Tuesday, December 15, 2009

The challenge of metaphors

Many similes link human and plants, so that a creeper around a tree is compared to the arms of a young girl “chained around my neck” (Caurapañcaśikā), and the trees moved by winds in the Rāmāyaṇa rustle and seem “almost …to weep”. Do such literary instances prove something about their authors' view of plants? Did they believe that trees feel love and suffer? By and large, I think that plants in such similes do not express love, etc. It is rather up to poets to read a vegetal behaviour along the line of a human one, so that a creeper is poetically described as wanting to adhere to its beloved tree. Therefore, the burden of the expression of love or grief is on the poet, not on the plants. Similarly, in many Western languages, some sorts of willows are called “weeping willows”, not because one believes them to grieve for something, but rather because their branches, bent downwards, remind us of our behaviour while grieving.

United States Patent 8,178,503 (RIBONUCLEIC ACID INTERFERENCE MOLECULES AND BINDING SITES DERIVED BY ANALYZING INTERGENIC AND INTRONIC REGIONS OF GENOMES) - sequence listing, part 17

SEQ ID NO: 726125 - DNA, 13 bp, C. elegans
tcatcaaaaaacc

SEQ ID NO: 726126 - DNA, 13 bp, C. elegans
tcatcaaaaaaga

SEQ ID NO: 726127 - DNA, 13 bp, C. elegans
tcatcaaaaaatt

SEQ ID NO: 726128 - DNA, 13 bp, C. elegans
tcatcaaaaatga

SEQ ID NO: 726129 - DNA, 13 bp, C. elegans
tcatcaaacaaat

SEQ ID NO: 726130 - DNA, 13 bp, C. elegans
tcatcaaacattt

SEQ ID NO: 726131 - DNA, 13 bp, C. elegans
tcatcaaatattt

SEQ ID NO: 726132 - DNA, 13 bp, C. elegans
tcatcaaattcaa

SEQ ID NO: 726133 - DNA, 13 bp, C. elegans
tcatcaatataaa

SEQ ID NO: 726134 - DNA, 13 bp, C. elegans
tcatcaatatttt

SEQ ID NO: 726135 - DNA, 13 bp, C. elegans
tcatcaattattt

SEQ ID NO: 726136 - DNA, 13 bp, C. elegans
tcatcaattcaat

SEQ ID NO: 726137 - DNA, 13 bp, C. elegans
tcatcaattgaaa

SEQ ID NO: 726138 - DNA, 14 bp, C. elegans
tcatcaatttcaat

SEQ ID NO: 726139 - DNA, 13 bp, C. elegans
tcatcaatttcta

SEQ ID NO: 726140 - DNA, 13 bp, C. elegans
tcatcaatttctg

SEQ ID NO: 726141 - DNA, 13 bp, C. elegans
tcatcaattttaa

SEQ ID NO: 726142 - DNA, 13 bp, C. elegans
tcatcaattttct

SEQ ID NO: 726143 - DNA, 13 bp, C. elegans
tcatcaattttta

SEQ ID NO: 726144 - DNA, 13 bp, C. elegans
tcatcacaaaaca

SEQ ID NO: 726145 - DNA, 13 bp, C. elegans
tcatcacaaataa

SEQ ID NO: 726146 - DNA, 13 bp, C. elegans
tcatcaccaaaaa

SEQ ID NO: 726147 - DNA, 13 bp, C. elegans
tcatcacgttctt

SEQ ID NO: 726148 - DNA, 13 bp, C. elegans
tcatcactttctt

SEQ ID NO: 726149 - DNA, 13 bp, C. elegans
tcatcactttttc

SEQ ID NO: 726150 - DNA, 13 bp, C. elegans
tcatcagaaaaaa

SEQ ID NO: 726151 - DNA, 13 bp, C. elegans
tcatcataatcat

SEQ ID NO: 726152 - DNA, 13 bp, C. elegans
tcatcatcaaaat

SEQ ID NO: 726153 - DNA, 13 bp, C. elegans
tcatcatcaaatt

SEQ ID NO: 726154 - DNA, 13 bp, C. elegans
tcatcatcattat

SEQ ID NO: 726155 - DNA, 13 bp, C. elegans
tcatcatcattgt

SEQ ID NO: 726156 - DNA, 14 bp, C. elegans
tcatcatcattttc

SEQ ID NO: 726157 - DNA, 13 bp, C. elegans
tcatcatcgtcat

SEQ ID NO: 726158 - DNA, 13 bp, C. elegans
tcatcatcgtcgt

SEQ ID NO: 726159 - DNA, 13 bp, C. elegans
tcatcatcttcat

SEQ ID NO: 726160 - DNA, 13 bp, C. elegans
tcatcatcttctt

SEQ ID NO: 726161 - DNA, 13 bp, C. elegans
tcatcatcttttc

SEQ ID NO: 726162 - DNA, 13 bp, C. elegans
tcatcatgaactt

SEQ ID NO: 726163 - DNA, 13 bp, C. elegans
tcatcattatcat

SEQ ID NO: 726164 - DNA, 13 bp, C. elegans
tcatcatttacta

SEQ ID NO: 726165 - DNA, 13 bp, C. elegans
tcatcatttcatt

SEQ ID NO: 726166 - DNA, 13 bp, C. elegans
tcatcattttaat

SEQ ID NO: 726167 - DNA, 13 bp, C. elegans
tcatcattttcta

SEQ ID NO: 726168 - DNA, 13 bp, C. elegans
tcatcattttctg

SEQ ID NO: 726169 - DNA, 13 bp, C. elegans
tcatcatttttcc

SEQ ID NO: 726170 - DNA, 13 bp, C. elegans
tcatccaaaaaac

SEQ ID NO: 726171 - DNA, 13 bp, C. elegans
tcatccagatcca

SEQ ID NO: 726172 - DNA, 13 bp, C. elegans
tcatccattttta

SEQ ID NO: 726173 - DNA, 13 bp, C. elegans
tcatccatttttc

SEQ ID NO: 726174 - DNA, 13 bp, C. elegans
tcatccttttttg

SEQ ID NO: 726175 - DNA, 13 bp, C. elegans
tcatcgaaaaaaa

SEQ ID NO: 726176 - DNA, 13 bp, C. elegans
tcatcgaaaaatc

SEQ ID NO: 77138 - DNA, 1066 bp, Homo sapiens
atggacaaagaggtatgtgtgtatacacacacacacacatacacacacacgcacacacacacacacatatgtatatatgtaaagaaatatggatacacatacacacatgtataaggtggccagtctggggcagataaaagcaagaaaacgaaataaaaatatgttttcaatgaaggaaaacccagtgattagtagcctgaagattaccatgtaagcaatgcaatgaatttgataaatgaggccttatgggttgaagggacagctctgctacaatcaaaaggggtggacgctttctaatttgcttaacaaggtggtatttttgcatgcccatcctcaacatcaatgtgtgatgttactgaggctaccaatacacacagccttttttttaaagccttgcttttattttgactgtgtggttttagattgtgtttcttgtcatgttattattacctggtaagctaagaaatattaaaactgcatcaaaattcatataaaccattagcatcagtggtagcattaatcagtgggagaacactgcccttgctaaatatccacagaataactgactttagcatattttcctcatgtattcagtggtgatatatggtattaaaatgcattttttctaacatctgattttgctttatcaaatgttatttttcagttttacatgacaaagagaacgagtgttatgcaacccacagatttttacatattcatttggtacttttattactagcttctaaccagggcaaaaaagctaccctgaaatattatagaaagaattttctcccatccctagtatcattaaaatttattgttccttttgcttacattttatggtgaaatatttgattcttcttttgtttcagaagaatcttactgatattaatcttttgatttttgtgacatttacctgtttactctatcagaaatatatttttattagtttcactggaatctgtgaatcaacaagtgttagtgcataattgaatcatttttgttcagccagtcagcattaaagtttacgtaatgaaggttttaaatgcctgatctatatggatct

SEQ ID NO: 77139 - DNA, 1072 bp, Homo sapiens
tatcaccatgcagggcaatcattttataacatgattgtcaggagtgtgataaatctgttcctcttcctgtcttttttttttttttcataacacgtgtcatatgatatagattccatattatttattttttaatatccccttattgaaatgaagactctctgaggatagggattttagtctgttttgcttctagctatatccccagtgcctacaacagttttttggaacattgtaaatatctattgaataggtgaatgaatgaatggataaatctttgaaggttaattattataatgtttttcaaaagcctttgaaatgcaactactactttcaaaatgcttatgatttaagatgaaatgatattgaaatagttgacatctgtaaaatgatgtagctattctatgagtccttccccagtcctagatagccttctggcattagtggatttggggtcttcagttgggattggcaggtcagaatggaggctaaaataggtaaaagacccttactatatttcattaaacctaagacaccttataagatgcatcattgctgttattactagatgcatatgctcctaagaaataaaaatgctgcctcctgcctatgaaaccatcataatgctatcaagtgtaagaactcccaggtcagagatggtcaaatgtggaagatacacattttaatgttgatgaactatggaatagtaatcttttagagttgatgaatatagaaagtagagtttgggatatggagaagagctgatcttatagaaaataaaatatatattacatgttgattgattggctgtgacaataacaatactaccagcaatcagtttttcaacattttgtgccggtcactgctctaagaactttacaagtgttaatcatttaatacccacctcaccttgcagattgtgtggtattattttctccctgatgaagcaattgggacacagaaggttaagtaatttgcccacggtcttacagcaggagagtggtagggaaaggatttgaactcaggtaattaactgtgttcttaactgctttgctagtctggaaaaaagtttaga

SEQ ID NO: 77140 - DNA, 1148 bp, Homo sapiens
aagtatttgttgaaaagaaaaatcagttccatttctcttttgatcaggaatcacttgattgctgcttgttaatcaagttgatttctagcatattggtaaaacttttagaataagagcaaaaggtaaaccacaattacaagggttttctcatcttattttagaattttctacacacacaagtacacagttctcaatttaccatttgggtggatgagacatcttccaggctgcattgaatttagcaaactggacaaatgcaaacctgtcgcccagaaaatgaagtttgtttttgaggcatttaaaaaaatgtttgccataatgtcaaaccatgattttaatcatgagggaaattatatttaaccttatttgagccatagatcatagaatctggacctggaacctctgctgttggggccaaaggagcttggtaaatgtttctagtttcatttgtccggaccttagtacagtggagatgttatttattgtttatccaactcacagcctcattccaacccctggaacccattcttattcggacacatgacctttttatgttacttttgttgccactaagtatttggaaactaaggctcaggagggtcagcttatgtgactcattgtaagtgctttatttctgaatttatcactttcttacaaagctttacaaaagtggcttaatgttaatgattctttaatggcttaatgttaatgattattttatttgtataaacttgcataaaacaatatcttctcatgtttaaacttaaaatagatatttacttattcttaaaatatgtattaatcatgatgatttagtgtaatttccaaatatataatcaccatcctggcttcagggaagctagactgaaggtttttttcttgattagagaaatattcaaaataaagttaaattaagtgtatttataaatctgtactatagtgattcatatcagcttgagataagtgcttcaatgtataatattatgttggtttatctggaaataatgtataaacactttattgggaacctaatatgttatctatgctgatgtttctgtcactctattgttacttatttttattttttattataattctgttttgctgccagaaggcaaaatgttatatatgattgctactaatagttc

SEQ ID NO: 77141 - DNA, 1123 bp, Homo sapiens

But what about the pre-history of such expressions? Are they grounded in an older belief in the common nature of all parts of the cosmos?

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